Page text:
Monday, December 30, 2013

Nails and Cracks

When Schwarz post his nail cabinet to the LAP blog a few months ago, I knew immediately I would build one. Why? I can't explain. It just struck me. It's a ridiculously easy project, so no challenge aspect there, but it seems lately I'm drawn to shop furniture that makes the place more pleasant to be in. So the back wall of my personal shop is undergoing a change. And this nail cabinet is the first part of the process. Later I'll cover the drywall with oak flooring and hang my new chest upon it.

I'm using Sapele from some 12/4 planks from Midwest Woodworking that Andy Brownell picked up for me a couple years ago. I had to do a bit of resawing, but the stuff stayed put as I sliced of 3/8" thick pieces. Very stable. I'm not a big fan of Sapele, so I thought shop furniture would be a good resting place for this material. I don't yet know if I have enough stock for the drawers, so in the spirit of the original, I may use something else. I do have a long beam of Douglas Fir that came out of an old library in Eugene, OR. It has ridiculously tight grain and would make fine drawer boxes.

If you end up building this project, make sure you err on the side of a tad loose on the egg crate dividers, especially if you use softwood. I have a hard time dropping my luthier's tolerances sometimes. I had a couple of the short grain section pop free when banging it together. Glued them back on in a jiffy though.

I'm also opting for card frame pulls instead of the bin pulls and knobs from the original. I need the labels. I picked up 21 of them from Van Dyke's, on sale for less than $3 ea. in an oil rubbed bronze finish. You can get nice, heavy cast pulls, but I didn't want to spend over $100 just on the pulls. Here's the link.

Here's some pics of my French Oak bench in the dead of the coldest winter I can remember. The top is crowned (as expected) and the leg tenons are poking through about 1/32". The bench still works, although it does need flattening to perform better. In case you're interested, my top has opened up quite a bit on the worst end. The red arrows point to pencil lines that I drew across the ends of the checks when I finished the bench this summer. The lower check has just about doubled in size. In a month or two I'll wedge the gaps in the leg tenons, then flatten the top. I only ended up wedging one leg when I built the bench, and its the only leg that hasn't poked through the top. It will be interesting to see what the other three do next winter.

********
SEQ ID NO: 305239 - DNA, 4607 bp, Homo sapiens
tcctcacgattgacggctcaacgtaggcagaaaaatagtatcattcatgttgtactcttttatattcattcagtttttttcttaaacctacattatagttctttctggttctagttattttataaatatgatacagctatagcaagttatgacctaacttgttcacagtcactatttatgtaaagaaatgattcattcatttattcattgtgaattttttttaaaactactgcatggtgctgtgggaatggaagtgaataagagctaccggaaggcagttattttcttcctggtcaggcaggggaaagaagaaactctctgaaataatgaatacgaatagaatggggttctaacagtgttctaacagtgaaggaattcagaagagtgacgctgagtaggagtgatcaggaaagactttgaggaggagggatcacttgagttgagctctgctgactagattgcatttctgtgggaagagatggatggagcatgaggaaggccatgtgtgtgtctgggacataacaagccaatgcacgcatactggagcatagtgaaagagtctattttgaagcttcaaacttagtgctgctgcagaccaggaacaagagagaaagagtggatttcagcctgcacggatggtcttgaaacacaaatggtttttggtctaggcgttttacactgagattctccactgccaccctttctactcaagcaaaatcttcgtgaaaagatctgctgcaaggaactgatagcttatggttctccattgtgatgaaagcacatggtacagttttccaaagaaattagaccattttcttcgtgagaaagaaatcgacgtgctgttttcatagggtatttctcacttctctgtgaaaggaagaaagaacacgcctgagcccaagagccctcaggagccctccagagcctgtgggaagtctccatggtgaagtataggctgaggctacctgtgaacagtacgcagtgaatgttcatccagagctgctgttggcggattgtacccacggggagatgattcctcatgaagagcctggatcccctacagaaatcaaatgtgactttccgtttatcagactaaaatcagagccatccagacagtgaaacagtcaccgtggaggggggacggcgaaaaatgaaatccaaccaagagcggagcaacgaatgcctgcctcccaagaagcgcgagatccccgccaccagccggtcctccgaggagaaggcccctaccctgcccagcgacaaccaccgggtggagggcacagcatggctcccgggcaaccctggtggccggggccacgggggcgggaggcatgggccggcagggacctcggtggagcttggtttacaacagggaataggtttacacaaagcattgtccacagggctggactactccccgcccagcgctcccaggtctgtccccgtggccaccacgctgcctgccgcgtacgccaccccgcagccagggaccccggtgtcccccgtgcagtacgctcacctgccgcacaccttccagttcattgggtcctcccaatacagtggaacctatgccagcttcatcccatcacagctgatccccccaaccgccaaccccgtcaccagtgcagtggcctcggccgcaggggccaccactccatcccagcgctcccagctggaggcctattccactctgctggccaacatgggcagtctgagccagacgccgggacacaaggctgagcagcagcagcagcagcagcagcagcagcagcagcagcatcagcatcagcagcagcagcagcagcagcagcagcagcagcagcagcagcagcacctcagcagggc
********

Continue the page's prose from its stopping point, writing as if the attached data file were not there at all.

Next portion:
Saturday, December 14, 2013

More Carver's Vises--Just In Time

We have in stock a handful of Carver's Vises, just in time for Christmas gift-giving. These are literally the last of them until we get enough demand to do another run, which may be never.

This is a sweet vise that I've been using so much lately that I have not removed it from the back left corner of the bench. I use it for detail work, sharpening scrapers, anything smallish that I need better control over. Heck, I even use it sometimes to hold magazines or pictures for reference while I work.

If you're into making charming shop furniture, just for the fun of it, this fills the bill perfectly, especially if you've got some special thickish wood kicking around the shop. We do have beech though, in case you need to buy wood.

If this is your first exposure to the Carver's Vise, click here for everything we've written about it.

After you're done with that, click here for the details on the vise itself and ordering info.

Order buttons are up on our Store Page. Refresh your browser if they don't appear. 

If you order now, these will ship early next week, and should arrive by the 24th. Send us an email if you absolutely need it by the 24th and we will sell you faster shipping.

Thursday, December 12, 2013

XX Small Split Top Roubo

Camil Milincu, a customer from Romania whom we've posted about before, sent us these pictures of a bench he just finished. Camil nailed this one. Here's his description:

Hello Jameel,

I have attached some pictures of a bench I've finished. It's for a friend which had a tough request: all the stuff that's on my bench (seen here -ed.), but in 53 inches. The easiest thing to do was to chop the end vise. But since he might move to a bigger shop (and I hope he does), I had to come up with a plan to keep all the hardware intact.  I've sunk the rails in the underside of the benchtop and made a deep recess for the screw. As I had to keep some wood for the leg tenon, the last dog had to be shortened. This explains the weird hole.
For this one the toothing plane was used only in the center of the slabs, leaving a smooth strip near the dogs.

Let's hope the next one will be a "regular" :).

Best regards and Happy Holidays,